But is all of this stopping us from creating and expressing that which burns within our creative hearts and souls? Most certainly not. For those of us who have made music our lives, it is not so much something that we want to do – it is something that we have to do. In fact, being a musician is not a matter of what we do, but who we are. For this reason, it is in our own best interests to come to grips with this new, ever-changing landscape and find a way of continuing to do what we were born to do without selling our souls (nothing new there), yet still turn a profit. For all the creative and artistic satisfaction that being a musician brings, we still have to make a living. To do so, we must find ways of making this new technology work for us – we have to get smart, and get educated about this twenty-first century way of doing things.
For those of us without ready access to the big record labels, the internet age has provided myriad ways of reaching our potential audience without having to score that elusive record contract. Social networking sites such as MySpace and Facebook give us a free place to hang our shingle and display our wares, and to directly touch people that may like our music enough to purchase it, via digital download or good old hard copy. Building a web page, however, is the easy part – people still have to be made aware of the existence of the web page, and have to be driven to it in order to be impressed with our product. This has its analogue in the ‘real’ world, where you would take up residence in a store and advertise the location and content of said store. Putting a website online is like sitting in the middle of a very large ocean and dangling a single line in the water, hoping for the big fish to happen by. Possible, but improbable. Luck plays a huge part in ‘making it’ in this business, but with the right strategy and a lot of persistence and hard work, luck can be tipped a little in our favour. Getting informed is the first step.
One encouraging thing about the new musical landscape is the emergence of the independent label. Once relegated to the fringes of the music biz and dealing with obscure acts, there are now a number of well-run indie labels that have done good things for the acts on their books. While not having the cash reserves of their big league counterparts, the indies have shown that in some cases, dedication and application, combined with a sound work ethic can do amazing things in the absence of massive advertising budgets. Labels like Frontiers and Roadrunner now boast some impressive names on their artist rosters, and have become a viable alternative to major labels that may or may not put time, money and effort into any given artist at any given time. Internet radio, similarly, is more accessible to unsigned artists, and a good way to reach an otherwise unreachable audience.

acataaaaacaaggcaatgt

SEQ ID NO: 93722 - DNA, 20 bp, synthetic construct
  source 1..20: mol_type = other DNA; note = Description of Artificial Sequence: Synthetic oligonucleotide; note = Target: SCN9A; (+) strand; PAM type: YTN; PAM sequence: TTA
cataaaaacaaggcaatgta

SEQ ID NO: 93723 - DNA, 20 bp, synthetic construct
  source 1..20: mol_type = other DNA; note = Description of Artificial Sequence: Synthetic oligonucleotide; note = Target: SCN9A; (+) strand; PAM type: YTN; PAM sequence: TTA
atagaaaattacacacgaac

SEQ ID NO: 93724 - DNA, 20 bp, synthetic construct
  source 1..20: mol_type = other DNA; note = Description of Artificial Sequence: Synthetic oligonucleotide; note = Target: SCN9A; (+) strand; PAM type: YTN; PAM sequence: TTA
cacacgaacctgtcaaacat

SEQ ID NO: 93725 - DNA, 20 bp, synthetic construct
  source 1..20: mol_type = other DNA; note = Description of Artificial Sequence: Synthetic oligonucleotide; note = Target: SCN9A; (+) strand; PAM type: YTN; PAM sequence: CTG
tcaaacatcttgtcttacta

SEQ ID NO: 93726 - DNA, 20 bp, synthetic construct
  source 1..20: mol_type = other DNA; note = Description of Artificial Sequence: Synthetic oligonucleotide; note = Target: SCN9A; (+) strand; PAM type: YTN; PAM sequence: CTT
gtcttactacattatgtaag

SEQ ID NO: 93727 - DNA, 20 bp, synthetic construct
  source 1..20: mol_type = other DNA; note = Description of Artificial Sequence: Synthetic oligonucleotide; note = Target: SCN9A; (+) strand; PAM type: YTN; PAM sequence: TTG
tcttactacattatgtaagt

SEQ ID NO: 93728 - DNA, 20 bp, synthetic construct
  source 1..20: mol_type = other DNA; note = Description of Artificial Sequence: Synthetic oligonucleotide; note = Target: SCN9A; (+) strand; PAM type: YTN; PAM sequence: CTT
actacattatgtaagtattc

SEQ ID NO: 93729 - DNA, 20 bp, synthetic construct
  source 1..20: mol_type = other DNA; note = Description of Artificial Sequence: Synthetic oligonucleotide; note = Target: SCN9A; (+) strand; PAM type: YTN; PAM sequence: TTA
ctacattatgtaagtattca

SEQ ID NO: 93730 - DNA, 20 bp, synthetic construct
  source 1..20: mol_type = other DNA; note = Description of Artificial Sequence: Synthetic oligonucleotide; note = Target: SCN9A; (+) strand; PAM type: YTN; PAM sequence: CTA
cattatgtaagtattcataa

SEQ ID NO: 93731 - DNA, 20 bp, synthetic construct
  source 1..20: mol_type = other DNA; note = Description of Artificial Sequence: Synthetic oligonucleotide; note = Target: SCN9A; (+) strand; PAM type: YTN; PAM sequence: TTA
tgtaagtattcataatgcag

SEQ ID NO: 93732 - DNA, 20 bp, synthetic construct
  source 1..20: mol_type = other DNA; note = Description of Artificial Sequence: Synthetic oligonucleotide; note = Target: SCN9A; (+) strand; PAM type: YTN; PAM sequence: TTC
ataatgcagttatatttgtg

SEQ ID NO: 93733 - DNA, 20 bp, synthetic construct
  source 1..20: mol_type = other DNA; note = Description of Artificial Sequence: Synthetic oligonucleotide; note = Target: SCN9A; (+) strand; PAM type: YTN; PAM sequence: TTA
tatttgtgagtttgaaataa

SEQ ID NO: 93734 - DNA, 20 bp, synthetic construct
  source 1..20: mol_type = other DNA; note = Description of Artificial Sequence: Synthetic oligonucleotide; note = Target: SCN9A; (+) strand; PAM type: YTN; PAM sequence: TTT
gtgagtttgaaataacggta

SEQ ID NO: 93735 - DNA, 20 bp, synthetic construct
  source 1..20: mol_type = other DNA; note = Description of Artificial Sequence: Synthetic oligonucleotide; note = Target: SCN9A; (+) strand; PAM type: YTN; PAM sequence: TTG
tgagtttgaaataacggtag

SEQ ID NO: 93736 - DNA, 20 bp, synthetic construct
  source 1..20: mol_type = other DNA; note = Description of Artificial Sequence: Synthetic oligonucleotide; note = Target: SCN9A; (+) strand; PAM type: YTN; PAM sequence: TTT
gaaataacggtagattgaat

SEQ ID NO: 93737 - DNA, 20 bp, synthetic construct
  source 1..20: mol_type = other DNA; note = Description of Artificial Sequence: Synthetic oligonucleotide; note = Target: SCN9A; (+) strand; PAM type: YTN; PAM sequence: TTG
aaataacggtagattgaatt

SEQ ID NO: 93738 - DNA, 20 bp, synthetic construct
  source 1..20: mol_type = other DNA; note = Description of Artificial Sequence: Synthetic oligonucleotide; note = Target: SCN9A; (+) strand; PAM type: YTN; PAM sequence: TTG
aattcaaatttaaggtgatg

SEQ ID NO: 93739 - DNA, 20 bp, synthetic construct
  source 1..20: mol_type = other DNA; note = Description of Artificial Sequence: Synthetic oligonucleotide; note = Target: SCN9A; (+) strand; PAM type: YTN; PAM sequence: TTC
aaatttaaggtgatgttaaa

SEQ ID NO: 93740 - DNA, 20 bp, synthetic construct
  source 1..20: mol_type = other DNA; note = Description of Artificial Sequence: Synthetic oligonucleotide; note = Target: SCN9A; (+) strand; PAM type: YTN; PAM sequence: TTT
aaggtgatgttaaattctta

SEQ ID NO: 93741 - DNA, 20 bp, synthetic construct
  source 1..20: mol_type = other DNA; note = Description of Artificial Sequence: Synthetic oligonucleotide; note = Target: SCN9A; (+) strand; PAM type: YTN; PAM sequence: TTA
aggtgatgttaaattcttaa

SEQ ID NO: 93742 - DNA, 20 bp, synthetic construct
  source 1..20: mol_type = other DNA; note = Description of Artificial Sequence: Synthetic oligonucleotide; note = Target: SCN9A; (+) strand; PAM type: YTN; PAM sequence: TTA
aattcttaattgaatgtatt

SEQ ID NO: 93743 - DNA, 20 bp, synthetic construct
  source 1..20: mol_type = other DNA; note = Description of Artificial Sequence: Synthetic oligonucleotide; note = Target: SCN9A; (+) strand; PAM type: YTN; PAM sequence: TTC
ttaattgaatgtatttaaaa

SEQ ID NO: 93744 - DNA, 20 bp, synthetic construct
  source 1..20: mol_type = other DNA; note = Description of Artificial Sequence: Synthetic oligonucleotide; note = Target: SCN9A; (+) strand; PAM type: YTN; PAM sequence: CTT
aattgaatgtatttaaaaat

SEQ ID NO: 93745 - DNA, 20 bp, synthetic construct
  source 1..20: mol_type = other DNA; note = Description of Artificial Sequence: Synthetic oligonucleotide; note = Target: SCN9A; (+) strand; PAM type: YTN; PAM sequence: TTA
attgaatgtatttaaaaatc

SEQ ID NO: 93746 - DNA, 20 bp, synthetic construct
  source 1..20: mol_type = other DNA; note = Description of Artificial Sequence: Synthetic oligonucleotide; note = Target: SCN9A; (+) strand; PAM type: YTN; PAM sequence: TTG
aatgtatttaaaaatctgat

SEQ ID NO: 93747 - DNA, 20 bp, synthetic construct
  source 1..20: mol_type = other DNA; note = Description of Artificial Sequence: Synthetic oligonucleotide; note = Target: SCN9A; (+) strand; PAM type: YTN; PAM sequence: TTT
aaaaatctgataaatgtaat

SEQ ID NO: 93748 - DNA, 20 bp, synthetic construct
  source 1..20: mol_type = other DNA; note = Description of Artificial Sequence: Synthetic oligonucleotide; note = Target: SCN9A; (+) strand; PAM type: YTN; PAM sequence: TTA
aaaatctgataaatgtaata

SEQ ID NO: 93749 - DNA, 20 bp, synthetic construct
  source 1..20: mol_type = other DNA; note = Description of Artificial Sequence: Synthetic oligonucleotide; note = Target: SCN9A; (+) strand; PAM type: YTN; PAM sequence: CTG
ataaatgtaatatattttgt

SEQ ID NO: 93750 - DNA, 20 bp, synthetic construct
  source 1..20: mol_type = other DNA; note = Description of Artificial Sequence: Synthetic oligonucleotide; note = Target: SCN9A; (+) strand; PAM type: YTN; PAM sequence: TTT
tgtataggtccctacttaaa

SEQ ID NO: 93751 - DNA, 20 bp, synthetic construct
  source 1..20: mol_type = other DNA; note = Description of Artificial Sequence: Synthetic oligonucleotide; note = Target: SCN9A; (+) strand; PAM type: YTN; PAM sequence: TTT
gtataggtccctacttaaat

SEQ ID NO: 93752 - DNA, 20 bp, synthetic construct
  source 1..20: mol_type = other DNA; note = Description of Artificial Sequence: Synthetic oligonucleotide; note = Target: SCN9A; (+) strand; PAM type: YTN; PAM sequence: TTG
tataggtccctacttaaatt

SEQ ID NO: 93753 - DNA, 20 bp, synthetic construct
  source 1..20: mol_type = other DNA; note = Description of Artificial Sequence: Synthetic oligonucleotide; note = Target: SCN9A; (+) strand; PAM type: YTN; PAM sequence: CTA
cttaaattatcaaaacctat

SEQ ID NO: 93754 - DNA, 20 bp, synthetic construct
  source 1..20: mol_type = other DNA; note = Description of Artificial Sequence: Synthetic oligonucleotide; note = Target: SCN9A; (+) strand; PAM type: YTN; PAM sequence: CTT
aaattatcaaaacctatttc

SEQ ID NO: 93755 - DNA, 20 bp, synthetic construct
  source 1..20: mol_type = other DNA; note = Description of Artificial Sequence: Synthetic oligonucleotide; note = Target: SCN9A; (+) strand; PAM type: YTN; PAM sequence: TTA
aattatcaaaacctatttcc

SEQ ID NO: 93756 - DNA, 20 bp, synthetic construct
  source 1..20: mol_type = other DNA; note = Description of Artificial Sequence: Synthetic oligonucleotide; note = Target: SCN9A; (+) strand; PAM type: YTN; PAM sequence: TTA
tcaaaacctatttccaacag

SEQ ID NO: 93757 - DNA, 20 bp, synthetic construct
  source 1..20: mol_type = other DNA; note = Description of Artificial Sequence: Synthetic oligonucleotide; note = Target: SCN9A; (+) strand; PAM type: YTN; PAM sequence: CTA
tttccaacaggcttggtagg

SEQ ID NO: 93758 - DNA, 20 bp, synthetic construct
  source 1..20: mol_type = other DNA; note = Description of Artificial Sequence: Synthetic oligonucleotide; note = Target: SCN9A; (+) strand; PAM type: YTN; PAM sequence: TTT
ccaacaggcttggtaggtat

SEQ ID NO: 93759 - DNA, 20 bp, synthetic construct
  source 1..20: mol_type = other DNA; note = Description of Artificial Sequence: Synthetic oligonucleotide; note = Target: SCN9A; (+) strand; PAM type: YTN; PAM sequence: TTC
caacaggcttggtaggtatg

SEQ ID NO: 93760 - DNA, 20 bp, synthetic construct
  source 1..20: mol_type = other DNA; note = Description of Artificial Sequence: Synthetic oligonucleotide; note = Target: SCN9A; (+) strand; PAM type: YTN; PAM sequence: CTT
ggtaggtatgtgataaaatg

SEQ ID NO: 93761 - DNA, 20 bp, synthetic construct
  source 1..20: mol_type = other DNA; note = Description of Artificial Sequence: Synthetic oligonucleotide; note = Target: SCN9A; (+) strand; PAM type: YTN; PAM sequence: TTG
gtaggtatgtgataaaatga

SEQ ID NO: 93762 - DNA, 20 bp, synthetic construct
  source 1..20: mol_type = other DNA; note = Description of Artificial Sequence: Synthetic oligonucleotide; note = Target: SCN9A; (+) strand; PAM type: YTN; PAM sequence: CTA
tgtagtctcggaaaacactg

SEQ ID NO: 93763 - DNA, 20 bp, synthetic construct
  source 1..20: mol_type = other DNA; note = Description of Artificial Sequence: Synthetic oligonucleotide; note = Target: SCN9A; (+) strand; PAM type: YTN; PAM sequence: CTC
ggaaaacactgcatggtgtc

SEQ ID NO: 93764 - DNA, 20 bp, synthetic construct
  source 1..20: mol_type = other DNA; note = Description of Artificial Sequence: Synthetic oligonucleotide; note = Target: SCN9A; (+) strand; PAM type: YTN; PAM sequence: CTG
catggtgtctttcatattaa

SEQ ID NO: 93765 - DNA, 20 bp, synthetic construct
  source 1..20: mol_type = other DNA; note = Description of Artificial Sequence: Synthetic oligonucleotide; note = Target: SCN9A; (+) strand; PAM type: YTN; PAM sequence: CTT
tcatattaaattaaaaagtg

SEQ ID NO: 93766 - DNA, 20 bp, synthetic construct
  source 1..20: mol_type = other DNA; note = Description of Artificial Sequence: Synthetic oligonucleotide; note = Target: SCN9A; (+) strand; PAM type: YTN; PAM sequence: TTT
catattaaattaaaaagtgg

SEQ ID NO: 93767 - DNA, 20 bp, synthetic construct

Today, we stand on the threshold of a new ‘normal’, where big label advances for bands have gone the way of the dinosaurs, and kids listen to crappy mp3 files on iPods with tiny earbuds. Just as when people first witnessed the phenomenon that was Jimi Hendrix, music will never be the same. The music industry as we knew it has been irrevocably altered, and it is up to us to find our place in the new state of things. Those of us who are driven to create and express will continue to do so – nothing will change that. Those of us who take the time and effort to explore the new possibilities on offer will stand a much better chance of finding a way to do what we love and, with a bit of luck, find a way to make it pay.
Is this new way better? Many would argue no, and they would have a valid point. The fact of the matter is that things have changed. Whether the change is for better or worse, we have to adjust, to adapt, to evolve in order to survive. Living organisms have been doing just that for millions of years without leaving our planet a barren wasteland. It can be done, and with our famous human ingenuity, perhaps we stand a better chance than the dinosaurs.
Want to help? Get out and see a band. If they have product for sale at the gig, buy some. You might just be helping to save a precious species from extinction.
To read the issue of Firebrand Magazine (#1) that this column is taken from, click here.
To read Issue #2 of Firebrand, click here.
The entries in this blog started out as copies of my monthly columns for Firebrand Magazine, and are a collection of op-ed pieces concerning the music industry based on my personal experience as a professional Musician, Composer and Journalist. I hope that you gain something positive from my musings, and maybe a smile or two along the way.